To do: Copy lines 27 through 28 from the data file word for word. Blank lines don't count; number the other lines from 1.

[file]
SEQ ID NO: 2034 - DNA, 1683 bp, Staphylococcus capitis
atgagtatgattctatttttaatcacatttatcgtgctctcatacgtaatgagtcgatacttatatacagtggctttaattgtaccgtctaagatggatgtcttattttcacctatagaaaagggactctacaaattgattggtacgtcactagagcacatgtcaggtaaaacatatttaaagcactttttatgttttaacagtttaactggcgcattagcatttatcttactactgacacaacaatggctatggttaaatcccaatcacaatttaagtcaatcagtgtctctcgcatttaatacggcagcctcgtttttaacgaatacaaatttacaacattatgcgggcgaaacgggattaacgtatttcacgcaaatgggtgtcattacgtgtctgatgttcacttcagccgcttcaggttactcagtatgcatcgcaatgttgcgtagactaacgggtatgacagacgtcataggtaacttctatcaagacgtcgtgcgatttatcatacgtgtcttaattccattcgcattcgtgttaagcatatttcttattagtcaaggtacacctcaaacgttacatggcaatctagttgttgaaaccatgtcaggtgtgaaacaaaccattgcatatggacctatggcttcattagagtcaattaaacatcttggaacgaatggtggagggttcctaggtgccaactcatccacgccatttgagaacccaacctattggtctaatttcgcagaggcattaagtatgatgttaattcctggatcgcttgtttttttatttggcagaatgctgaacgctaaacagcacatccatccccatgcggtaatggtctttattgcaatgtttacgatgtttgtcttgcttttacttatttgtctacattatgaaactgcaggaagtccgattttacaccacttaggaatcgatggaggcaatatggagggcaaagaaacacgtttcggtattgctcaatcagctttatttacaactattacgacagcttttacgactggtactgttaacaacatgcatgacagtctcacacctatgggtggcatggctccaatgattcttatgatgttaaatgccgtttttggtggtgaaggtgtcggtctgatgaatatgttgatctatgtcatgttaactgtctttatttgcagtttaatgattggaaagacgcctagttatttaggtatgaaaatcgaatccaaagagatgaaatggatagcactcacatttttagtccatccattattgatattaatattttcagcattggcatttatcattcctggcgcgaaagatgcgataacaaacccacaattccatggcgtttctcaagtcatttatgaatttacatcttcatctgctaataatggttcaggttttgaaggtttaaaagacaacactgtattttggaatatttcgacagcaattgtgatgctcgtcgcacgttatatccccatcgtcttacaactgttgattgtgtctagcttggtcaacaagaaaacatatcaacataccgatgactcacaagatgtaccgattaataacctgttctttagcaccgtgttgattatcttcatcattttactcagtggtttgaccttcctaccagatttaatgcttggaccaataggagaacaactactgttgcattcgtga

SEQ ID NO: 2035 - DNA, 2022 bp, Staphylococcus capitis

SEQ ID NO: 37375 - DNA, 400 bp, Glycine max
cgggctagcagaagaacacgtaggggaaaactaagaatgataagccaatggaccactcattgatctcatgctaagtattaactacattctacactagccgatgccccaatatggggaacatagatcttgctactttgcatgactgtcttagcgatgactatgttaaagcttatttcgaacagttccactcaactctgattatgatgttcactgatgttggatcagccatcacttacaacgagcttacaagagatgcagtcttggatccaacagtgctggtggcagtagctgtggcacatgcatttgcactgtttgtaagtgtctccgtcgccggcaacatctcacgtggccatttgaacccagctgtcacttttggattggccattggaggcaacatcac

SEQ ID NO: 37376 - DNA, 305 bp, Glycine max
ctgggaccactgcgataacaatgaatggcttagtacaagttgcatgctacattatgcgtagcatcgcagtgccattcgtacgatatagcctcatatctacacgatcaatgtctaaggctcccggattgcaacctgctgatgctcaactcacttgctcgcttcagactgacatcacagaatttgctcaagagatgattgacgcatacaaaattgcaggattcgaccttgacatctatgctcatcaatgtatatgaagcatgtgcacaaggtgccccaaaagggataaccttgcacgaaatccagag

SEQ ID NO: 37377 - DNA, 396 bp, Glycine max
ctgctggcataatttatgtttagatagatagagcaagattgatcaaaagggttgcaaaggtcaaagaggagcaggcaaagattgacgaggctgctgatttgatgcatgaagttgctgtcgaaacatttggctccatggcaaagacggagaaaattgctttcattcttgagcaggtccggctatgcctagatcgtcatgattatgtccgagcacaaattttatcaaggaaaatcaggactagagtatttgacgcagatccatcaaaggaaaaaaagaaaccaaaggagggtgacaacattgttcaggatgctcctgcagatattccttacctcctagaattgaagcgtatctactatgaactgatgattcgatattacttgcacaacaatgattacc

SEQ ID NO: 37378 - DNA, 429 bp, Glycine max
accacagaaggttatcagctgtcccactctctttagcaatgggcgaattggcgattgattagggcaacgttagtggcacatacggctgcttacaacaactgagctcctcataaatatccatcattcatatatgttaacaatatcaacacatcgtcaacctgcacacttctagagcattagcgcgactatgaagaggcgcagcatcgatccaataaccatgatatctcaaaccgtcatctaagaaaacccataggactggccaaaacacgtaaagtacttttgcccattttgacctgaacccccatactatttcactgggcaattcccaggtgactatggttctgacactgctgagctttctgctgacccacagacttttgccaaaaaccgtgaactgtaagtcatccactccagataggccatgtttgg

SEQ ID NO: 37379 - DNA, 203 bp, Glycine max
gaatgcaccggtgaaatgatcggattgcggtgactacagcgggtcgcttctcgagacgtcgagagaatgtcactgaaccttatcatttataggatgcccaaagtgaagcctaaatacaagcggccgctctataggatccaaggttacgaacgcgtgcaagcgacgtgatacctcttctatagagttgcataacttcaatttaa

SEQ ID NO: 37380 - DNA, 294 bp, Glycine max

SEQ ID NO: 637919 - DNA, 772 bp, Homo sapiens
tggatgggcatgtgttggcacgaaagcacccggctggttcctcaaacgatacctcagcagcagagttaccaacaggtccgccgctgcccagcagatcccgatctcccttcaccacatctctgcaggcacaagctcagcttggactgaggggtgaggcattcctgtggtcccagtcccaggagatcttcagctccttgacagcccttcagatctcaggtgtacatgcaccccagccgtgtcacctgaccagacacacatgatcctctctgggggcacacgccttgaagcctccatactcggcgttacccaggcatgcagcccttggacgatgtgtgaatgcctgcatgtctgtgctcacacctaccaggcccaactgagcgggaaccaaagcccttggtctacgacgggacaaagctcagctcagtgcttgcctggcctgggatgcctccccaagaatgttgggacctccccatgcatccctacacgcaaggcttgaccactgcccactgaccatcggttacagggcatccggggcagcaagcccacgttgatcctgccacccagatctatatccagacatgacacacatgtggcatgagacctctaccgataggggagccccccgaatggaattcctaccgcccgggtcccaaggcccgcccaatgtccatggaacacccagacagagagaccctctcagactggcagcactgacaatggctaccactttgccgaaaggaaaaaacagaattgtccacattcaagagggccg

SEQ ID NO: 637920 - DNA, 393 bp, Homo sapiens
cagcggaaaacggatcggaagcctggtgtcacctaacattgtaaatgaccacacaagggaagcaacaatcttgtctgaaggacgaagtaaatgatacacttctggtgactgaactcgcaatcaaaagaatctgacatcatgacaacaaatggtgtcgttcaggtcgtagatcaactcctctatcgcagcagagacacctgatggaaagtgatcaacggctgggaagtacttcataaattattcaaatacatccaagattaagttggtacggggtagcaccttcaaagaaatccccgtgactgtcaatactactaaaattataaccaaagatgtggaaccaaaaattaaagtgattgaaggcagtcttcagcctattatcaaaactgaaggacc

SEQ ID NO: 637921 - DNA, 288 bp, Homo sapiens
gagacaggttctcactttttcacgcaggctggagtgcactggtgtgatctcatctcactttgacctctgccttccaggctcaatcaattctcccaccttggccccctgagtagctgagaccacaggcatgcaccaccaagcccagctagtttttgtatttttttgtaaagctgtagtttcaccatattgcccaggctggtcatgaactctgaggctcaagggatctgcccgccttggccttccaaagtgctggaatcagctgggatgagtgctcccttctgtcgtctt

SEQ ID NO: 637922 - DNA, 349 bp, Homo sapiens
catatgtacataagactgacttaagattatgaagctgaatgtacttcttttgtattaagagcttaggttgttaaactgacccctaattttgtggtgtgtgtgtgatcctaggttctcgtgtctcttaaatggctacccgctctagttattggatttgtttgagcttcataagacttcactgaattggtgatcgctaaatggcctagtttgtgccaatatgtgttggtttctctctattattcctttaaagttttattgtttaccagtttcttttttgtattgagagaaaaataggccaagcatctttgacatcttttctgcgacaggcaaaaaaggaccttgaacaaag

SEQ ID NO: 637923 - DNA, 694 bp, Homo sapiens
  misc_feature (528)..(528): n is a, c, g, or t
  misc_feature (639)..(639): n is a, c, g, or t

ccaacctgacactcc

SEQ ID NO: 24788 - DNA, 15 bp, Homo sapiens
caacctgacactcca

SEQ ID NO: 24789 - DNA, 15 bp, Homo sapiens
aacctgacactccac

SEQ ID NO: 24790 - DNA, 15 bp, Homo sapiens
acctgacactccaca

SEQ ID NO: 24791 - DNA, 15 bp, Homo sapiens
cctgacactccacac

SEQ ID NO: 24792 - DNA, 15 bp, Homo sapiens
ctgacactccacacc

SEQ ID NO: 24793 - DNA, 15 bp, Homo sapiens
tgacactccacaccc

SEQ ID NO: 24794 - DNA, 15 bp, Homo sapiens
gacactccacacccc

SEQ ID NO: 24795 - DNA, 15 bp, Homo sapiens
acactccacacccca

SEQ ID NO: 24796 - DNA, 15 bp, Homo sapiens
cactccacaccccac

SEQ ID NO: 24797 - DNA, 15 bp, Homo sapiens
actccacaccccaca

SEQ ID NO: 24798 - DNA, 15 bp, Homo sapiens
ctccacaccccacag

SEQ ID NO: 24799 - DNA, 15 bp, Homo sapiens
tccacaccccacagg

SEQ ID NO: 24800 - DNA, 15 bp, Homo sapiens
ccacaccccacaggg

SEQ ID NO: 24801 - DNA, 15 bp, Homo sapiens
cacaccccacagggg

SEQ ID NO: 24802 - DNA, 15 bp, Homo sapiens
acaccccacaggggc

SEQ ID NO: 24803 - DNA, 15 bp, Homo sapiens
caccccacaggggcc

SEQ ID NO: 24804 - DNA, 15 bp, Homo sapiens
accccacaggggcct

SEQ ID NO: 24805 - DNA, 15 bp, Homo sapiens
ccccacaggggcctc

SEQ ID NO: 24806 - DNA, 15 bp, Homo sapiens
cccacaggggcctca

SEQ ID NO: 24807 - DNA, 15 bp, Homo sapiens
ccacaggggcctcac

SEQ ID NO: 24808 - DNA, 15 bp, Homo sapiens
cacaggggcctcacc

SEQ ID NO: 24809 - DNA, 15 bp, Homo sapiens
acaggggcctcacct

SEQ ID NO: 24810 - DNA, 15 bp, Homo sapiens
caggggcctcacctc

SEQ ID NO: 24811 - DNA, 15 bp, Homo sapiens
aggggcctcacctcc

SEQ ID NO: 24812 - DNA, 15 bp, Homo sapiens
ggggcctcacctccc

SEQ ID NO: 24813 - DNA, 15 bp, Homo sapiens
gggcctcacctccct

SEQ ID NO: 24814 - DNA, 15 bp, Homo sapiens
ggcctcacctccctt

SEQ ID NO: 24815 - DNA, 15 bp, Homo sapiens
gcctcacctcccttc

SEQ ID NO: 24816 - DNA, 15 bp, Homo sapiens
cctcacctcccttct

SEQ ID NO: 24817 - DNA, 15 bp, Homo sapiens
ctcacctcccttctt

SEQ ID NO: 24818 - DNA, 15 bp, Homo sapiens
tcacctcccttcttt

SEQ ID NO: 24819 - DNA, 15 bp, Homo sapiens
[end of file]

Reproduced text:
SEQ ID NO: 24788 - DNA, 15 bp, Homo sapiens
caacctgacactcca